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An Investigation into tLe SLear StrengtL ol Rock Discontinuity

S BLowmik, Ncn-member
P Dutta, Asscctate /ember
Tbe determtnattcn c/ sbear strengtb c/ rcck dtsccnttnutty sur/aces ts crtttca/ tc stabt/tty ana/ysts c/ any rcck structure.
Htstcrtca//y, tbe re/attcnsbtp betueen tbe sbear strengtb and tbe app/ted ncrma/ stress bas been exp/atned by /tnear-
equattcn. Hcue.er /cr tbe stress range ncrma//y enccuntered tn sur/ace cr undergrcund mtntng exca.attcns, tbe ncn-
/tnear re/attcnsbtp tn.c/.tng parameters c/ ctnt rcugbness cc-e//tctent, ctnt ua// ccmpresst.e strengtb and bastc
/rtcttcn ang/e ts ccnstdered tc be apprcprtate. Tbts ncn-/tnear crttertcn tcgetber uttb tbe practtca/ metbcds tc determtne
tbe .a/ue c/ tbese parameters bas been exp/atned tn tbts arttc/e. A/sc, tbe metbcd c/ ca/cu/attcn c/ tbe tnstantanecus
ccbestcn and tnstantanecus /rtcttcn ang/e /cr a range c/ ncrma/ stresses /rcm tbe ncn-/tnear sbear strengtb agatnst
ncrma/ stress re/attcnsbtp bas been presented. Itna//y, tbts arttc/e tnc/udes tbe resu/ts c/ /abcratcry ana/ysts carrted cut cn
a /eu rcck samp/es tc t//ustrate tbe metbcd.
Keyuords: Rock discontinuity, ]oint rougLness co-ellicient (]RC), ]oint wall compressive strengtL (]CS), SLear strengtL
S Bhowmik and P Dutta are with the Department ot Mining and
Geology, Bengal Engineering College (DL), Howrah 711 103.
JLis paper (modilied) was received on May 18, 200+. Written discussion on
tLe paper will be received until Cctober 30, 200+.
Vc/ 85, August 2004 11
ITKODLCTIO
Rock mass generally contains numerous discontinuities, sucL
as, bedding planes, joints, sLear zones and laults. At low stress
conditions, lor example at sLallow deptL, lailure ol tLe intact
rock material is minimal and sliding along tLe discontinuity
planes controls tLe beLaviour ol tLe rock mass. JLe geometry ol
tLe rock mass, in sucL situations, primarily determines tLe
potential areas ol instability. However, to analyse tLe stability
ol any rock structure, developed witLin sucL rock mass, it is
pertinent to determine tLe sLear strengtL ol tLe potential lailure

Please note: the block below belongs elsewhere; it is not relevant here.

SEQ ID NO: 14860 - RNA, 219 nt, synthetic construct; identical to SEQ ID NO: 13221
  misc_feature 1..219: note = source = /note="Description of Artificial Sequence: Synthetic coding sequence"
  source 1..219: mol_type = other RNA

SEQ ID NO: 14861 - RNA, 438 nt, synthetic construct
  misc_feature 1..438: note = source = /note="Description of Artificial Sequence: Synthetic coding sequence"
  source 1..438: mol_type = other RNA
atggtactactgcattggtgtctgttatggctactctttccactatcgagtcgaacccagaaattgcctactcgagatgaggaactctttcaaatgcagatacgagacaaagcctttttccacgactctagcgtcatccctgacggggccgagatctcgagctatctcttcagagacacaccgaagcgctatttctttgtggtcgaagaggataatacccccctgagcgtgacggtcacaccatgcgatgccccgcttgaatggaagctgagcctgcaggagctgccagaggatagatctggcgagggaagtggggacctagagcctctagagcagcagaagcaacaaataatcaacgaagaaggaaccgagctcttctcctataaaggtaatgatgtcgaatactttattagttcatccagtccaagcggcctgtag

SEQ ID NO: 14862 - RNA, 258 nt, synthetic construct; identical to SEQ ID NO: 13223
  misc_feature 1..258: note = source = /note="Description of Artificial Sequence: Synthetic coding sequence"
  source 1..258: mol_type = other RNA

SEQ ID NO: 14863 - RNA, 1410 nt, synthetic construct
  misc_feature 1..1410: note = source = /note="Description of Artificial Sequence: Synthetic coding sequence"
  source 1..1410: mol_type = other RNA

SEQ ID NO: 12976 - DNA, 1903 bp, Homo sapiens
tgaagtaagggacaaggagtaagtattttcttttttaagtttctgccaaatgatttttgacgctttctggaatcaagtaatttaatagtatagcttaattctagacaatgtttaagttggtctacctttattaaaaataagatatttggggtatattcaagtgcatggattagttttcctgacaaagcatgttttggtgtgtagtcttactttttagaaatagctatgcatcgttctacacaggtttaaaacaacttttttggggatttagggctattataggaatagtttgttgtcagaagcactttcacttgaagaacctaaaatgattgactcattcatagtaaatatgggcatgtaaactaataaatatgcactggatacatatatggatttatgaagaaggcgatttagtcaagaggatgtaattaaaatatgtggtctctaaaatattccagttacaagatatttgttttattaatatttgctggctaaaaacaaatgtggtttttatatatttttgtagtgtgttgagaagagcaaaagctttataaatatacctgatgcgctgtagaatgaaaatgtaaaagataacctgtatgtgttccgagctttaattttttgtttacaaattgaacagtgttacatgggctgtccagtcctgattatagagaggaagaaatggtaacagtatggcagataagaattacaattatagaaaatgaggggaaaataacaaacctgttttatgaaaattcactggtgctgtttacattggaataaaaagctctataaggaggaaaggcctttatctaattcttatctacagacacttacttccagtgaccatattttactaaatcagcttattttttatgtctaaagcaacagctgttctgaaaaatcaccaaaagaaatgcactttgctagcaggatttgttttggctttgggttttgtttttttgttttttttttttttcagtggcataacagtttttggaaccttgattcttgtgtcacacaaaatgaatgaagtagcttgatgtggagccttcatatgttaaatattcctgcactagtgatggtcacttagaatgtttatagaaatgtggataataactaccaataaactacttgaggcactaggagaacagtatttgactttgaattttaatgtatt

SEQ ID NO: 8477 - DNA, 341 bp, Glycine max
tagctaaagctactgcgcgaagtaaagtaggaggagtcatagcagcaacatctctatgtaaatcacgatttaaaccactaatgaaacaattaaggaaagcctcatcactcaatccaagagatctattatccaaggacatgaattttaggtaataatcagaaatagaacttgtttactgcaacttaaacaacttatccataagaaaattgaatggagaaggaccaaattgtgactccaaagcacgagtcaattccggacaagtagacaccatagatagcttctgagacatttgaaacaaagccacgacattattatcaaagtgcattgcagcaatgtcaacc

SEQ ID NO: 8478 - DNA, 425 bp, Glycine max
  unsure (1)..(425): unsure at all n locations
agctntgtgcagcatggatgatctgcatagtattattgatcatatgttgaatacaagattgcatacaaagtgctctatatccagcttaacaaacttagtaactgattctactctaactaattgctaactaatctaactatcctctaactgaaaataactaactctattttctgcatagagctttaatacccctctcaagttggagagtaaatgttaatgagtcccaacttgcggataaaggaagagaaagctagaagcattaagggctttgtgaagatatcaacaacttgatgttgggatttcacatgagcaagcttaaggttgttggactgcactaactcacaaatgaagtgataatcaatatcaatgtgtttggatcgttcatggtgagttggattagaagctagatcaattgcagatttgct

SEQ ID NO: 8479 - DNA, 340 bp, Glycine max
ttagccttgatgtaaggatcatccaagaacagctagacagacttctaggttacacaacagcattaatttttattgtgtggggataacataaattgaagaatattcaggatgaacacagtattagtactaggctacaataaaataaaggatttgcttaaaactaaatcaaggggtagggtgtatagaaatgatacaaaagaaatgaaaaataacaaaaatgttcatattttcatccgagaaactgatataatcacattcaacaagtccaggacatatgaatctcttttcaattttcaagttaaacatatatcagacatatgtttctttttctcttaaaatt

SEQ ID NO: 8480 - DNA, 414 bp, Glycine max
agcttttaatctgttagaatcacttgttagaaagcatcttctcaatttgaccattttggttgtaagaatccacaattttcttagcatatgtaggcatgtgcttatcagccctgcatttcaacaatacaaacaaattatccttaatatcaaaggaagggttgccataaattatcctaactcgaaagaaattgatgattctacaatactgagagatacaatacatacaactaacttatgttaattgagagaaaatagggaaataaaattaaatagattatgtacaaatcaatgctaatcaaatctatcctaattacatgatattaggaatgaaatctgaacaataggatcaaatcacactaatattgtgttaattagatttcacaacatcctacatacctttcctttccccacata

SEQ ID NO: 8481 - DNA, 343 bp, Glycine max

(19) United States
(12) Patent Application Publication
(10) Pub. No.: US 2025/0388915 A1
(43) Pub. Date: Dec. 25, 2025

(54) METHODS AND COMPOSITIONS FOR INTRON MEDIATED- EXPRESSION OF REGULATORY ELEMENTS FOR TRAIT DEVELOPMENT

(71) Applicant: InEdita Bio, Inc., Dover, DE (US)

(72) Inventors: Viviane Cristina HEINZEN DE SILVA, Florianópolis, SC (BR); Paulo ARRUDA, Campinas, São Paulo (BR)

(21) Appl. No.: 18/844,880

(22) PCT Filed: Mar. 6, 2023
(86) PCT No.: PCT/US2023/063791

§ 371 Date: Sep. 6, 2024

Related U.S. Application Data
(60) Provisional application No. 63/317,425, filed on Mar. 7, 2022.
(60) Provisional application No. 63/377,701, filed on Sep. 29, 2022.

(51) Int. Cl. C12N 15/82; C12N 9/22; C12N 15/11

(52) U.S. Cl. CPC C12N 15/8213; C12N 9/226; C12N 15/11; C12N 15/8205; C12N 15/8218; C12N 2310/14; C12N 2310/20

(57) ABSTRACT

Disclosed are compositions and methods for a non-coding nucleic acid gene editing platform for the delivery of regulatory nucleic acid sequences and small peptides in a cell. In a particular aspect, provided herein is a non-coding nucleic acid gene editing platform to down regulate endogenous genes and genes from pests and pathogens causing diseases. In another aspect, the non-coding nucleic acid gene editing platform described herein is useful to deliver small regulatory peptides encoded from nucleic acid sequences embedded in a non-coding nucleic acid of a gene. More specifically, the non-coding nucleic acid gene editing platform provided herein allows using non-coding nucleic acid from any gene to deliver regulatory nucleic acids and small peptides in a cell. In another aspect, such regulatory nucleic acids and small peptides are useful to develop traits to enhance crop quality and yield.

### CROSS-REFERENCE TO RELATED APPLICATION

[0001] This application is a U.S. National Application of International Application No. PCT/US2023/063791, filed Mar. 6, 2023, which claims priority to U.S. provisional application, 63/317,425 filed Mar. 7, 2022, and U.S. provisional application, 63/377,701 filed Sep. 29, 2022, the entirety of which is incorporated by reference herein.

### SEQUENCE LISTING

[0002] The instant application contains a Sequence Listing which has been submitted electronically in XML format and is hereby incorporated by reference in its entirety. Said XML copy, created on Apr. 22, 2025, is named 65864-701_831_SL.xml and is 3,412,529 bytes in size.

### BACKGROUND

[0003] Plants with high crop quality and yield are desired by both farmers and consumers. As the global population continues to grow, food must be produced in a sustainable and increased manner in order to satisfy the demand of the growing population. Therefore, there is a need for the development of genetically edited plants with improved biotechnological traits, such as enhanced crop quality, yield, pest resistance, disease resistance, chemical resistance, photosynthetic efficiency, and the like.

surlaces tLat may consist ol a single discontinuity plane or a
complex patL lollowing several discontinuities. JLe sLear
strengtL ol sucL surlaces depends on a number ol lactors. Alter
understanding tLese lactors properly, it is possible to Lave a
reliable estimate ol tLe sLear strengtL ol tLe discontinuities
under varying normal stress condition. In tLis article, an
attempt Las been made to review tLese lactors and tLeir inter-
relationsLip tLat controls tLe sLear strengtL ol tLe discontinuity
planes. JLe practical metLod to determine tLe values ol tLese
lactors Las also been discussed. Iinally, tLe sLear strengtL
criteria lor a lew rock samples Lave also been determined.
SHEAK STKEGTH CKITEKIA OI
DISCOTILITY SLKIACES
JLe simple linear relationsLip between tLe peak sLear strengtL
ol a planar discontinuity surlace and tLe normal stress at
lailure
n
can be expressed in terms ol tLe coLesion c and angle
ol lriction by MoLr-Coulomb equation as given below
= + c
n
tan (1)
In deriving equation (1), it is assumed tLat tLe discontinuity
surlace is cemented and is absolutely planer, Laving no surlace
irregularities or undulations. Il sucL a surlace is sLeared at a
constant normal stress, at very small displacements, tLe surlace
beLaves elastically till tLe peak sLear strengtL is reacLed.
JLerealter, tLe sLear stress required to cause lurtLer sLear
displacements drops rapidly and levels out at a value known as